Writing for Kids’ TV
by Danny Stack
It’s odd that the genre of kids’ TV is often overlooked by screenwriting events, seminars and the so-called gurus. It’s also rare to meet a writer who aspires to write for kids’ TV.
Why is this the case? Perhaps it’s because kids’ TV is for, well, kids. And maybe there’s a misplaced notion that writing for kids must be simple compared to primetime drama or feature films. Or that there’s not much kudos involved in writing for the genre.
If this is the case, then it’s an erroneous point-of-view. Writing for kids’ TV is challenging, fun, and profitable. It also requires the same amount of screenwriting skill and craft as writing any other drama. In some instances, it’s actually much harder because you’ll often be expected to write a funny script. No post-modern cultural references, intellectual quips or self-reflective wit, just make the script funny through the characters and story. No pressure.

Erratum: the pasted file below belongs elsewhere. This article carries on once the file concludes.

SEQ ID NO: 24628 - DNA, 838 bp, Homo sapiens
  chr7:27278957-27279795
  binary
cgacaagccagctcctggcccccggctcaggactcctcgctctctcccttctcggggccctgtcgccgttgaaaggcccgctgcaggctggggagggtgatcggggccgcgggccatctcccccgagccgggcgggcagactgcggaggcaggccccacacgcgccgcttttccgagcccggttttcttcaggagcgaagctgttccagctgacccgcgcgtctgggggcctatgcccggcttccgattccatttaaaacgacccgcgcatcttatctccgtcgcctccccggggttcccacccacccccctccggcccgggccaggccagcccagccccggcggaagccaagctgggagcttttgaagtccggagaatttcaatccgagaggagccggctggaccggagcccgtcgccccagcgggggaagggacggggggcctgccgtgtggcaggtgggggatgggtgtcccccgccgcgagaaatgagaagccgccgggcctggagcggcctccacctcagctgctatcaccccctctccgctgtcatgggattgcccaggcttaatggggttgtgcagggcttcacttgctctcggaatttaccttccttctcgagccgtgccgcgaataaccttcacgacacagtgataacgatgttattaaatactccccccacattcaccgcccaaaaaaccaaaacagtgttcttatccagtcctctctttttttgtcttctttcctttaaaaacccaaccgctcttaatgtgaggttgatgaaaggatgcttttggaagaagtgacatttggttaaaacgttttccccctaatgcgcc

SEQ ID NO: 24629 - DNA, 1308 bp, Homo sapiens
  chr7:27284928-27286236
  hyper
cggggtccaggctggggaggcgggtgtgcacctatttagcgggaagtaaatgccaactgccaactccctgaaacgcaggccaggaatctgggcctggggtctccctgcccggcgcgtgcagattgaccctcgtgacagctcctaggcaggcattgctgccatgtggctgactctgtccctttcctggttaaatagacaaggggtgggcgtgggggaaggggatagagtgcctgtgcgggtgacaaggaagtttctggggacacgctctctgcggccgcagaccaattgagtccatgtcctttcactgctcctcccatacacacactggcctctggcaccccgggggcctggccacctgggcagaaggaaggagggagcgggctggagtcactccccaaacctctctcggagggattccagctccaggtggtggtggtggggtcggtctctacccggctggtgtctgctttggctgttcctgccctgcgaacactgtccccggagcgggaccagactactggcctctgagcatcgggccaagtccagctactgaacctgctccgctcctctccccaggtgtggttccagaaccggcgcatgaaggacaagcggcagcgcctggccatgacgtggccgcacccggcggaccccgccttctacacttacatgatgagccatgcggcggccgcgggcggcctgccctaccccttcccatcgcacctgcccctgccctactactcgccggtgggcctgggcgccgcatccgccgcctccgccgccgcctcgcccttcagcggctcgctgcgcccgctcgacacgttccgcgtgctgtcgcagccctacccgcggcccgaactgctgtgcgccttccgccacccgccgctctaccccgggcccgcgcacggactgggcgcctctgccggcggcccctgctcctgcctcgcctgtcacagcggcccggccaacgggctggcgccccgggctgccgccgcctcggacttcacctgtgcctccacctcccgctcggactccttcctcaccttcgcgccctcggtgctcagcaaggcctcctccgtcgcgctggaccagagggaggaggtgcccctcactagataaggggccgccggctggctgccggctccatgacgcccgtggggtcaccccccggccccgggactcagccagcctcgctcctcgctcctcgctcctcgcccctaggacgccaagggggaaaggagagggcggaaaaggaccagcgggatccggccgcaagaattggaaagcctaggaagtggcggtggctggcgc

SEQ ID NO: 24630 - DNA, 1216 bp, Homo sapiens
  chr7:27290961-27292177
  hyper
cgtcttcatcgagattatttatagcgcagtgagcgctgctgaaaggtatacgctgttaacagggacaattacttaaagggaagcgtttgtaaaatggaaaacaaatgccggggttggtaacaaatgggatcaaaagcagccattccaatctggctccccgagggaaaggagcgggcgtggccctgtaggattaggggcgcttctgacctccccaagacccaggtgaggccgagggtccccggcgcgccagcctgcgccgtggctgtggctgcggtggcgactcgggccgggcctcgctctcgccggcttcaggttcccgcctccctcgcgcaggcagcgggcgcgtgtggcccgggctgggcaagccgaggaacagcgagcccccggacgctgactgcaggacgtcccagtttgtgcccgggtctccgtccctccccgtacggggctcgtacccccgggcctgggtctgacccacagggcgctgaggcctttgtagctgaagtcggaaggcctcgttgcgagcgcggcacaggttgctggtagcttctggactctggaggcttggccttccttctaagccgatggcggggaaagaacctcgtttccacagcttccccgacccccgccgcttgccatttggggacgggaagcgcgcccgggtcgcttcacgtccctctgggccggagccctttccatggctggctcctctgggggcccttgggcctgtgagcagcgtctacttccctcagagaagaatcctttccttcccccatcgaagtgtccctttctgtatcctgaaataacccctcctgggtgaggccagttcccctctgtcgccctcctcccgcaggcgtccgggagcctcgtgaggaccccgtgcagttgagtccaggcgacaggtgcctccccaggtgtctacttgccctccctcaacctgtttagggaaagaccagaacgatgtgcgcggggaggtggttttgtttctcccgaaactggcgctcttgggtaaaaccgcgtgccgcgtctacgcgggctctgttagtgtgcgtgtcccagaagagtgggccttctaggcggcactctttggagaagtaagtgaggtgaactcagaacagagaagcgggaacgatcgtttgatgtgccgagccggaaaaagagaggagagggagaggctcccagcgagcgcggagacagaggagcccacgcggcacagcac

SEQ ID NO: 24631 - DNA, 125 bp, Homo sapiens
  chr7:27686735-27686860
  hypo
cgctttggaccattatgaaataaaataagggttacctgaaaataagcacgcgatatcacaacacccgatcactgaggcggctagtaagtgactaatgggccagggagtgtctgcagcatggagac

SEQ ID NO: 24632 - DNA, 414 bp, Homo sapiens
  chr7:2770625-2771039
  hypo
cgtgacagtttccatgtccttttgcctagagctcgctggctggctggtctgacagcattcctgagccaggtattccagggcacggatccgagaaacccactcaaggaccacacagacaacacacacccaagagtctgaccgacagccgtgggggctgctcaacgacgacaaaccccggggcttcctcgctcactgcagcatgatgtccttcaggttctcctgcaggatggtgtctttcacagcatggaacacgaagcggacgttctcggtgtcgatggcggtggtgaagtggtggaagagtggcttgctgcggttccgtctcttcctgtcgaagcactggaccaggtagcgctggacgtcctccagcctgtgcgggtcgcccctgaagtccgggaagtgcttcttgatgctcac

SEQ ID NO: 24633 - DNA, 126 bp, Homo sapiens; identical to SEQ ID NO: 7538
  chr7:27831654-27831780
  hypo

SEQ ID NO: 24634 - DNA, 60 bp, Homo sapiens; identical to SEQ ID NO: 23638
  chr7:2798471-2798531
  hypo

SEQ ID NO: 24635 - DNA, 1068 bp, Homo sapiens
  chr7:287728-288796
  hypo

Writing for kids is the purest form of storytelling because it’s free of ego and cynicism. Kids don’t care if you’re Russell T Davies. They only care if Russell T Davies tells them a good story. An idea that grabs. A story with a sense of urgency. Characters who we really care about. A plot with unpredictable twists and turns. Think kids aren’t sophisticated and can’t see a twist from a mile away? Think again.
Not only are we glad to have found this, we’re happy to have made the acquaintance of Mr. Stack’s most excellent blog!